The bottom line is electronics can be fickle and sometimes you get a bad unit and when that happens it can leave a bad taste in your mouth. That's usually when you will find people telling you to avoid the brand that they had trouble with. 


Personally I really like Marantz and Denon with the Audyssey room calibration. Onkyo also has the Audyssey system and like I said, my Onkyo worked fine but my friend's did not. Also I would not buy a stereo receiver because I have learned through time that if I limit myself today with something then I can almost guarantee you that tomorrow I will wish I hadn't. I would buy a 5.1 channel capable AVR simply because in a few years you may find yourself wishing you could use the receiver to set up a secondary HT or something (happened to me). But that's me, your milage may vary. 

This entire notion of "I'd rather recommend a 5.1+ surround AVR rather than a stereo model" has been argued countless times on infinite amounts of forums, normally revolving around the reasons you mentioned or the fact that they can be bass managed properly and room correction can be added, etc -- from my experience, if a person knows he or she is going to be dedicating a room or setup strictly to music listening, as it was in my case, it is always better to go with some kind of dedicated-to-stereo component like a receiver or integrated amp. There are less "video/surround" circuits to get in the way of more pure musical reproduction (I know you can always turn on a surround AVR's direct or pure mode, but there is still something more "humble" or "dedicated" about a STEREO component built to play out of two channels), there's a distinct lack of setup hassle (just plug in two speakers, some source components and maybe fiddle with the balance knob and that's it) and for those just wanting to play MUSIC, there's no worry of having to channel balance the five or more speakers etc.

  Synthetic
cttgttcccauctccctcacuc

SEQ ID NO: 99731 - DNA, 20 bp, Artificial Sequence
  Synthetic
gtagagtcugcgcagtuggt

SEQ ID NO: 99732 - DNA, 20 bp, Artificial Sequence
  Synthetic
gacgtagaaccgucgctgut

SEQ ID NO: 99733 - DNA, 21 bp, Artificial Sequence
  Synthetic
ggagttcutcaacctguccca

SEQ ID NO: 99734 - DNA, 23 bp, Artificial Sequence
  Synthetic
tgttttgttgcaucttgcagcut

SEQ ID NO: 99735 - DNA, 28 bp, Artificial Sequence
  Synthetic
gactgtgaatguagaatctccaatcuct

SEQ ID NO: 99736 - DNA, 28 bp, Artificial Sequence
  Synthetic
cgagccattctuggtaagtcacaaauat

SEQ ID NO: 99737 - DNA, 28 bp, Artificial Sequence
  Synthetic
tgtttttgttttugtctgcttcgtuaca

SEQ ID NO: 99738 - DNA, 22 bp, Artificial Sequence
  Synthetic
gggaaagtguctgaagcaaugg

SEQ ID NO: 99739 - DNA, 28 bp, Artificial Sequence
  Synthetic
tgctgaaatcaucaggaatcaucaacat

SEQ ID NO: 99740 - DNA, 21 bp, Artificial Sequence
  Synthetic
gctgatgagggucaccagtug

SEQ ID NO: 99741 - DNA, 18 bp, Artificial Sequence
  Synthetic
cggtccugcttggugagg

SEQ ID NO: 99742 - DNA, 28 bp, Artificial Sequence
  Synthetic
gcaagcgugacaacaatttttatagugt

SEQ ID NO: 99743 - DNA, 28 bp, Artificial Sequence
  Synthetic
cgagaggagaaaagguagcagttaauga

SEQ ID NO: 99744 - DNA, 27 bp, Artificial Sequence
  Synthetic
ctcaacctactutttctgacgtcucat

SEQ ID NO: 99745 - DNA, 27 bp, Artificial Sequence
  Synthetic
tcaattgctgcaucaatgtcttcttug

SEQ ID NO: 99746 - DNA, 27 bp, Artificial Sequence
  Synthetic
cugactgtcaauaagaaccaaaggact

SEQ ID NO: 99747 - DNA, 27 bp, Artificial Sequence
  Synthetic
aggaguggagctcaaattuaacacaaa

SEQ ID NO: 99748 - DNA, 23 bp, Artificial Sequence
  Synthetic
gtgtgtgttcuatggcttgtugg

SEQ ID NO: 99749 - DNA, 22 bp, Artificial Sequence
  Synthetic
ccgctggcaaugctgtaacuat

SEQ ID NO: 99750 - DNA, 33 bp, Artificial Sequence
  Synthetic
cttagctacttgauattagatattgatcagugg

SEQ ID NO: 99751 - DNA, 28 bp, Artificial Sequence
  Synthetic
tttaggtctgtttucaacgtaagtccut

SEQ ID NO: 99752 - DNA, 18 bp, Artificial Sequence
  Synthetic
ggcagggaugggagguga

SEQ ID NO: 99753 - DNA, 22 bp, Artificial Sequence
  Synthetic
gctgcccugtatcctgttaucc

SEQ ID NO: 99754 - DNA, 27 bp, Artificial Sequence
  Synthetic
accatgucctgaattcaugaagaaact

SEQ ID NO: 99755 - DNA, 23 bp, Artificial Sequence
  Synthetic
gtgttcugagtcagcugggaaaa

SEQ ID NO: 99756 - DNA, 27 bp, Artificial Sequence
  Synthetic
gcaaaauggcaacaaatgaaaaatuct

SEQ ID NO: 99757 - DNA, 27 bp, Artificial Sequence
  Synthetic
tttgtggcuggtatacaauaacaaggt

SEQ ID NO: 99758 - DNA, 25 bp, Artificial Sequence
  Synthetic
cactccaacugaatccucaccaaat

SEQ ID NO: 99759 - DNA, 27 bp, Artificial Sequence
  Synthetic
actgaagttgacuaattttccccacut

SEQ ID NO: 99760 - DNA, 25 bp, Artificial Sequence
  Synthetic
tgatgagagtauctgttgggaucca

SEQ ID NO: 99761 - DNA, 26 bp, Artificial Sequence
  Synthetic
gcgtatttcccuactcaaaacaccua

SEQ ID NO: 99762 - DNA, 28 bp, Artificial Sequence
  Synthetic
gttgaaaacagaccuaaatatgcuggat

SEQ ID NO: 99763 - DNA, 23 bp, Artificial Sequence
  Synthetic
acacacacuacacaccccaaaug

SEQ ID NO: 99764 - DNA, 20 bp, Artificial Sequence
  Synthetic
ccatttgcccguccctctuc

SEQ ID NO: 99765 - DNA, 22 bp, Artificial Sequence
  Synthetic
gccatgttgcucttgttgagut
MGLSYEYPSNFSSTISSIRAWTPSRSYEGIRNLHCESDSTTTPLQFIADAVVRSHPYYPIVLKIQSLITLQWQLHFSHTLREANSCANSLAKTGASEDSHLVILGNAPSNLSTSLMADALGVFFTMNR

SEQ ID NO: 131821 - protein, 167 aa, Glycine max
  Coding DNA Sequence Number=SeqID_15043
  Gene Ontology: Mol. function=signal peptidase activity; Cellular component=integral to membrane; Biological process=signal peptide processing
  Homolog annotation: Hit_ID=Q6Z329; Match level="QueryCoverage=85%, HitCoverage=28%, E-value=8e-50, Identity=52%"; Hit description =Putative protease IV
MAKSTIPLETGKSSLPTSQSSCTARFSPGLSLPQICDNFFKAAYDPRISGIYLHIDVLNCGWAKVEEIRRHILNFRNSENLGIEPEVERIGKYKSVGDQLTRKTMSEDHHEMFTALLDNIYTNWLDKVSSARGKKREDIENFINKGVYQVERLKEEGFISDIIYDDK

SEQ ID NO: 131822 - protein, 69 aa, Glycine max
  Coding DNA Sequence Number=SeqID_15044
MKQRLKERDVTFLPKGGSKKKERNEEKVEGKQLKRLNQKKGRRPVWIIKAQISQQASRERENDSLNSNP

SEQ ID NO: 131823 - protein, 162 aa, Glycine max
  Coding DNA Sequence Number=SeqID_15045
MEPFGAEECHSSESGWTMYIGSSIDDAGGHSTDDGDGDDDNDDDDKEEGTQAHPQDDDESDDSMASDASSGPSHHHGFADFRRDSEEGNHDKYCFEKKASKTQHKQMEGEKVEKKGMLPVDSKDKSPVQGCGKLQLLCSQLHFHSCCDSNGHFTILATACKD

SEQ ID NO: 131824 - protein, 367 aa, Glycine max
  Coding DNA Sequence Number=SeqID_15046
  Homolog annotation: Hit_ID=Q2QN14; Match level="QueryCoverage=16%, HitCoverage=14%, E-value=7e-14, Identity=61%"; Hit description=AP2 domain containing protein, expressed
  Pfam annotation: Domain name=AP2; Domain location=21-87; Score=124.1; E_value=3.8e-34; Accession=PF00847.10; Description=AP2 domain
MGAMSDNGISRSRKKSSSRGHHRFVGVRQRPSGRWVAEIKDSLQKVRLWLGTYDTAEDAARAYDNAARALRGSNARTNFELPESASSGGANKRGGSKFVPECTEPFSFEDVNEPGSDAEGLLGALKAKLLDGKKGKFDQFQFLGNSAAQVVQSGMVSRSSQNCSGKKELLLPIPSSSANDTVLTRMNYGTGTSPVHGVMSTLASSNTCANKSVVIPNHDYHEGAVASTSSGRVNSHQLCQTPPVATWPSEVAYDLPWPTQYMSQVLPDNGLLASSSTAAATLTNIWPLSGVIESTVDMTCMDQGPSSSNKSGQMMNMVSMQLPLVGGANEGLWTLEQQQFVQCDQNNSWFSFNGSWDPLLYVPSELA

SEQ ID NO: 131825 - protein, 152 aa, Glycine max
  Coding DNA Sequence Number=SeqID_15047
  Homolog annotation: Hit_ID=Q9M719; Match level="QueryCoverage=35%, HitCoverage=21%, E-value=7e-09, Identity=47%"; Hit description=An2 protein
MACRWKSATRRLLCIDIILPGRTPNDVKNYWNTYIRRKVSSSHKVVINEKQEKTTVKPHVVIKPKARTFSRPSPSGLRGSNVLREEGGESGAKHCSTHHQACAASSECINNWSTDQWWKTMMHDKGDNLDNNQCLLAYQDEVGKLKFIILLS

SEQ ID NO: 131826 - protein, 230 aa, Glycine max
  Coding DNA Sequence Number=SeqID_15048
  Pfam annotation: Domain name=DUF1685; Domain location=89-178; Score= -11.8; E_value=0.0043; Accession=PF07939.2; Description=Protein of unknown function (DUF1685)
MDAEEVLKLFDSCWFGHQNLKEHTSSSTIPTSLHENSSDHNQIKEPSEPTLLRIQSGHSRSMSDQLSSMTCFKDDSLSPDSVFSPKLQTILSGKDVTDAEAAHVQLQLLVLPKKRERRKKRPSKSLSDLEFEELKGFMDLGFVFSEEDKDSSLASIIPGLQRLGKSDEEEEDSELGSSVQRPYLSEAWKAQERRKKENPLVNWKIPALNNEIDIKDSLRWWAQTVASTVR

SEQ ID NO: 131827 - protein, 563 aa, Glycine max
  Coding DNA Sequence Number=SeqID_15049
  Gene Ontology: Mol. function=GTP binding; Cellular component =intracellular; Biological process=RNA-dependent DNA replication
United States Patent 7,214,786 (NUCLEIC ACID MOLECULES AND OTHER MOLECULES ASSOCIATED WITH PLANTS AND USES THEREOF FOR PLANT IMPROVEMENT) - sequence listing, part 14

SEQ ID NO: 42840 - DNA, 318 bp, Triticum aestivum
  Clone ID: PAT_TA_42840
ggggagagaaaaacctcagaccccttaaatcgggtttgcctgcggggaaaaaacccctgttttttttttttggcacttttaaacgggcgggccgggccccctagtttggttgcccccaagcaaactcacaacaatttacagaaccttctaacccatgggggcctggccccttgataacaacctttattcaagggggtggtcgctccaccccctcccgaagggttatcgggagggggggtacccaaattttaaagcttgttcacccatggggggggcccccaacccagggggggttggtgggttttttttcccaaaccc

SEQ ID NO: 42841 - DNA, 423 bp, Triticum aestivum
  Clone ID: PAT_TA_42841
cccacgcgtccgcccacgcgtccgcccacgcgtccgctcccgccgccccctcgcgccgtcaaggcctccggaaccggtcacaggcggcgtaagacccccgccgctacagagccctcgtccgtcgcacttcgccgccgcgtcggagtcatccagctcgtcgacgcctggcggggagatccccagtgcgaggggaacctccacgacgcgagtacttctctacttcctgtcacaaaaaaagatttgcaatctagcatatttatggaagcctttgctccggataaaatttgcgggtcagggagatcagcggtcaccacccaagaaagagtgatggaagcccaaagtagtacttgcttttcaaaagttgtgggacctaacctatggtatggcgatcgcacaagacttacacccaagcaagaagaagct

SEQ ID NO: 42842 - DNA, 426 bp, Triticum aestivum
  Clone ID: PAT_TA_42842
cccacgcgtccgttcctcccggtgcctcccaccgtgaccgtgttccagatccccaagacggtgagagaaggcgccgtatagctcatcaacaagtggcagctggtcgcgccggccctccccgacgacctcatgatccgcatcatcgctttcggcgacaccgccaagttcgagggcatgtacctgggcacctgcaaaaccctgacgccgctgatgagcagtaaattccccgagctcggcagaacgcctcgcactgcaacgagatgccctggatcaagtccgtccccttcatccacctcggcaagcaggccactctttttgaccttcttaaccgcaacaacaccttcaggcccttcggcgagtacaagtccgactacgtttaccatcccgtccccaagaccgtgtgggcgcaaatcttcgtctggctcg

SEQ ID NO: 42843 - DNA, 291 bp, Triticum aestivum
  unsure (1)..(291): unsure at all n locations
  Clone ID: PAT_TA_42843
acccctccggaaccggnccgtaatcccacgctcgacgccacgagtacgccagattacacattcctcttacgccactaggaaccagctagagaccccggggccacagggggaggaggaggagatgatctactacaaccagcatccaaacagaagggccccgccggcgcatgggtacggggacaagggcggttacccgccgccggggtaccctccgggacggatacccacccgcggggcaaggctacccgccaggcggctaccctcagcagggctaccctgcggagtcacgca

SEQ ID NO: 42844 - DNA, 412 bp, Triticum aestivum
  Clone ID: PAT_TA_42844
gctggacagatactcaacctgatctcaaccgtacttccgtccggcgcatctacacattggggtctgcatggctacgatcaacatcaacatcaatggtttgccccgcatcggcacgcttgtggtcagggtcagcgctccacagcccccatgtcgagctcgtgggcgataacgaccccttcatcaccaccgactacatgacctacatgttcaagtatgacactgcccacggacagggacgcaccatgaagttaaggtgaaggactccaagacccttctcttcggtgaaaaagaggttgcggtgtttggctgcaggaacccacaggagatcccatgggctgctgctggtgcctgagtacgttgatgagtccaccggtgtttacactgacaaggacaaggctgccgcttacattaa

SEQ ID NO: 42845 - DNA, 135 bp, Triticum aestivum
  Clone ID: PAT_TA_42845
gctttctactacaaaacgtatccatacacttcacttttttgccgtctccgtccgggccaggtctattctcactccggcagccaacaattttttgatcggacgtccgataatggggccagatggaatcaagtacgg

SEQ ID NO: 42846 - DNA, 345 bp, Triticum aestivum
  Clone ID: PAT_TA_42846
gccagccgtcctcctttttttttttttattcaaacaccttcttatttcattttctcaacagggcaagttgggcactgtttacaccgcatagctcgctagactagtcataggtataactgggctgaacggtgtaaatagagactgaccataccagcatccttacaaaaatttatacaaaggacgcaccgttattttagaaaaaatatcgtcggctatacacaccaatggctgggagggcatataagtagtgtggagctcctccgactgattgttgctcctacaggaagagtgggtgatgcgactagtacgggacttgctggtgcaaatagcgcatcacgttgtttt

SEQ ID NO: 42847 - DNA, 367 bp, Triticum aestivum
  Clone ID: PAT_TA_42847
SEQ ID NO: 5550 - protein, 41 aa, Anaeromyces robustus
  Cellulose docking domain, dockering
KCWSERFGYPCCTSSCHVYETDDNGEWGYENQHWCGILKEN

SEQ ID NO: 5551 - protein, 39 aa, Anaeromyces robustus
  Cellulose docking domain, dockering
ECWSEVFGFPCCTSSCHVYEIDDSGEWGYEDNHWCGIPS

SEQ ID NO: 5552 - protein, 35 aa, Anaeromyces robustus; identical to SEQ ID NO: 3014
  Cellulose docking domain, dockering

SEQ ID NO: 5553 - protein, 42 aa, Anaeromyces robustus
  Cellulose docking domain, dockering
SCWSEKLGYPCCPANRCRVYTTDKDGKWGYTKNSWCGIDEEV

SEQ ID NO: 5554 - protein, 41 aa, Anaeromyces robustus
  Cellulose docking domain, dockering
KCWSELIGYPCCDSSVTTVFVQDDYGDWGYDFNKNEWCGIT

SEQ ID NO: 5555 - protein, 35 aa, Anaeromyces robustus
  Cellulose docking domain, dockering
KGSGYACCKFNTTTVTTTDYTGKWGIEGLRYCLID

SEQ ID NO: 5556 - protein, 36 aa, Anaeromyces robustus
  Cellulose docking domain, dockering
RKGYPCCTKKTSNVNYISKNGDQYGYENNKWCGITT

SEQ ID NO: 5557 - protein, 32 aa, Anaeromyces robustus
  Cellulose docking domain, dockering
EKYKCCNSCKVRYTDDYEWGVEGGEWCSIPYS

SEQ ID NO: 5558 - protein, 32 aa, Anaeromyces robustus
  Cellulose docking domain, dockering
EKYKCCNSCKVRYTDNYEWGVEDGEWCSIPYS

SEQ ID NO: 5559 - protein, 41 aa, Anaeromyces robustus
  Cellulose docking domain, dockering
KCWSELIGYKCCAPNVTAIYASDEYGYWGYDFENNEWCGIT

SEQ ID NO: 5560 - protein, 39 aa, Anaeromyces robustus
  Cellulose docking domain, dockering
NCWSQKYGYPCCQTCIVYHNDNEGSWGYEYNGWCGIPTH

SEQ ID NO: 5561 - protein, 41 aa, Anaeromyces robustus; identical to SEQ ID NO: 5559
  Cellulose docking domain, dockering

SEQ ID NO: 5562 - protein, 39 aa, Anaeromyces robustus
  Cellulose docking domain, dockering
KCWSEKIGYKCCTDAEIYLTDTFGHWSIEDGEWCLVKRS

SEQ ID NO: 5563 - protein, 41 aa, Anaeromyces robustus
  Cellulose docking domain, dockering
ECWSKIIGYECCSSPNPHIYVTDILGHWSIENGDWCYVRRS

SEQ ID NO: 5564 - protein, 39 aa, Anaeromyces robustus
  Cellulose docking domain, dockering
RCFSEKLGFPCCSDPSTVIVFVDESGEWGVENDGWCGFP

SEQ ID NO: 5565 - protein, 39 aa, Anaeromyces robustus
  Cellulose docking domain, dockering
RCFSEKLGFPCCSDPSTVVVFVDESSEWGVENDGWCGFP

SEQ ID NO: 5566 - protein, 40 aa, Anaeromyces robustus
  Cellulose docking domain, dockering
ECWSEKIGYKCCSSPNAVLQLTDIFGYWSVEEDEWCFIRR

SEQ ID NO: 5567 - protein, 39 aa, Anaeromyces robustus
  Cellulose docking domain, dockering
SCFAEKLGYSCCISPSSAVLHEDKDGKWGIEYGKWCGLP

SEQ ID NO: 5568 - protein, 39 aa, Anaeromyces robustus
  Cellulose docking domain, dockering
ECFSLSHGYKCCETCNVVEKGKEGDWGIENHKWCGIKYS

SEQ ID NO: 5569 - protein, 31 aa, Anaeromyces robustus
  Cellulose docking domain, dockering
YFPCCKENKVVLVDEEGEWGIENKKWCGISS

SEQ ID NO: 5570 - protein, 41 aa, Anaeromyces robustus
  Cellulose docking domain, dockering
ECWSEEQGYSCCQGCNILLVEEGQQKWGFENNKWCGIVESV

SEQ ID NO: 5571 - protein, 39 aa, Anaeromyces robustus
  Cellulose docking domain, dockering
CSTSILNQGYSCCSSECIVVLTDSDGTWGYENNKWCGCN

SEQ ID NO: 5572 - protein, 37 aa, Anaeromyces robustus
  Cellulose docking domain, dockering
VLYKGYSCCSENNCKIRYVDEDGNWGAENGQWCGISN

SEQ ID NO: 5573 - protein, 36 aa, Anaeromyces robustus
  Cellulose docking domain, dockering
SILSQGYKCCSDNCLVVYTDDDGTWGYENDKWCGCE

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Discussion Starter · #13 ·

Quote:
Originally Posted by IntelliVolume  /t/1502957/onkyo-tx-sr601-any-good#post_24020120